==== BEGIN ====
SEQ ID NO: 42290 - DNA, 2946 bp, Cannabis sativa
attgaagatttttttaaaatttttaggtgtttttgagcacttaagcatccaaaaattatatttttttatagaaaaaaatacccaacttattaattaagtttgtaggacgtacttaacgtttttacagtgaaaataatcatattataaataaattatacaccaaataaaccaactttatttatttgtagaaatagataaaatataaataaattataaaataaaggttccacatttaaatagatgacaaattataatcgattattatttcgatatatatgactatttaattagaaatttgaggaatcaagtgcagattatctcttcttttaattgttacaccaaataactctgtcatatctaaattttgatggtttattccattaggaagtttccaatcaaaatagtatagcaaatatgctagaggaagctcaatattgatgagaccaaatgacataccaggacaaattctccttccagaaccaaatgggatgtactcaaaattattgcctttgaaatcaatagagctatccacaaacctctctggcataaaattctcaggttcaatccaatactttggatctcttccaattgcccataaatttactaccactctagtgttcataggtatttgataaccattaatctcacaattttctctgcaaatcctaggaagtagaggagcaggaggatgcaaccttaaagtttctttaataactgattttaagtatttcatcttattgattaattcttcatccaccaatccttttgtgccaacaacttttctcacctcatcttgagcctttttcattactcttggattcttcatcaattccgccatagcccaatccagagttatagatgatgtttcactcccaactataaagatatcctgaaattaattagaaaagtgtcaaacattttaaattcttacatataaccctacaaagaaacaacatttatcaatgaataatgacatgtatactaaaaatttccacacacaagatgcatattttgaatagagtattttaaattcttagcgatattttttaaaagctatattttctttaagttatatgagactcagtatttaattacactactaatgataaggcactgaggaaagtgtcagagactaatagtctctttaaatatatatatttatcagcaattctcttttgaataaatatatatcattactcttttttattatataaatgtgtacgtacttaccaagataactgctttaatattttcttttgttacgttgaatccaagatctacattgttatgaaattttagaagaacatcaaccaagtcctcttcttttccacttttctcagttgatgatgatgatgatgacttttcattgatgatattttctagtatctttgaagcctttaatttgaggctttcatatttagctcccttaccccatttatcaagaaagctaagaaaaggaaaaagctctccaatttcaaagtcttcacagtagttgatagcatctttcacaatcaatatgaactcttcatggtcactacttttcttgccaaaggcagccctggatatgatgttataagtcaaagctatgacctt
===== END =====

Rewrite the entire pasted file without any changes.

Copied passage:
SEQ ID NO: 42290 - DNA, 2946 bp, Cannabis sativa
attgaagatttttttaaaatttttaggtgtttttgagcacttaagcatccaaaaattatatttttttatagaaaaaaatacccaacttattaattaagtttgtaggacgtacttaacgtttttacagtgaaaataatcatattataaataaattatacaccaaataaaccaactttatttatttgtagaaatagataaaatataaataaattataaaataaaggttccacatttaaatagatgacaaattataatcgattattatttcgatatatatgactatttaattagaaatttgaggaatcaagtgcagattatctcttcttttaattgttacaccaaataactctgtcatatctaaattttgatggtttattccattaggaagtttccaatcaaaatagtatagcaaatatgctagaggaagctcaatattgatgagaccaaatgacataccaggacaaattctccttccagaaccaaatgggatgtactcaaaattattgcctttgaaatcaatagagctatccacaaacctctctggcataaaattctcaggttcaatccaatactttggatctcttccaattgcccataaatttactaccactctagtgttcataggtatttgataaccattaatctcacaattttctctgcaaatcctaggaagtagaggagcaggaggatgcaaccttaaagtttctttaataactgattttaagtatttcatcttattgattaattcttcatccaccaatccttttgtgccaacaacttttctcacctcatcttgagcctttttcattactcttggattcttcatcaattccgccatagcccaatccagagttatagatgatgtttcactcccaactataaagatatcctgaaattaattagaaaagtgtcaaacattttaaattcttacatataaccctacaaagaaacaacatttatcaatgaataatgacatgtatactaaaaatttccacacacaagatgcatattttgaatagagtattttaaattcttagcgatattttttaaaagctatattttctttaagttatatgagactcagtatttaattacactactaatgataaggcactgaggaaagtgtcagagactaatagtctctttaaatatatatatttatcagcaattctcttttgaataaatatatatcattactcttttttattatataaatgtgtacgtacttaccaagataactgctttaatattttcttttgttacgttgaatccaagatctacattgttatgaaattttagaagaacatcaaccaagtcctcttcttttccacttttctcagttgatgatgatgatgatgacttttcattgatgatattttctagtatctttgaagcctttaatttgaggctttcatatttagctcccttaccccatttatcaagaaagctaagaaaaggaaaaagctctccaatttcaaagtcttcacagtagttgatagcatctttcacaatcaatatgaactcttcatggtcactacttttcttgccaaaggcagccctggatatgatgttataagtcaaagctatgacctt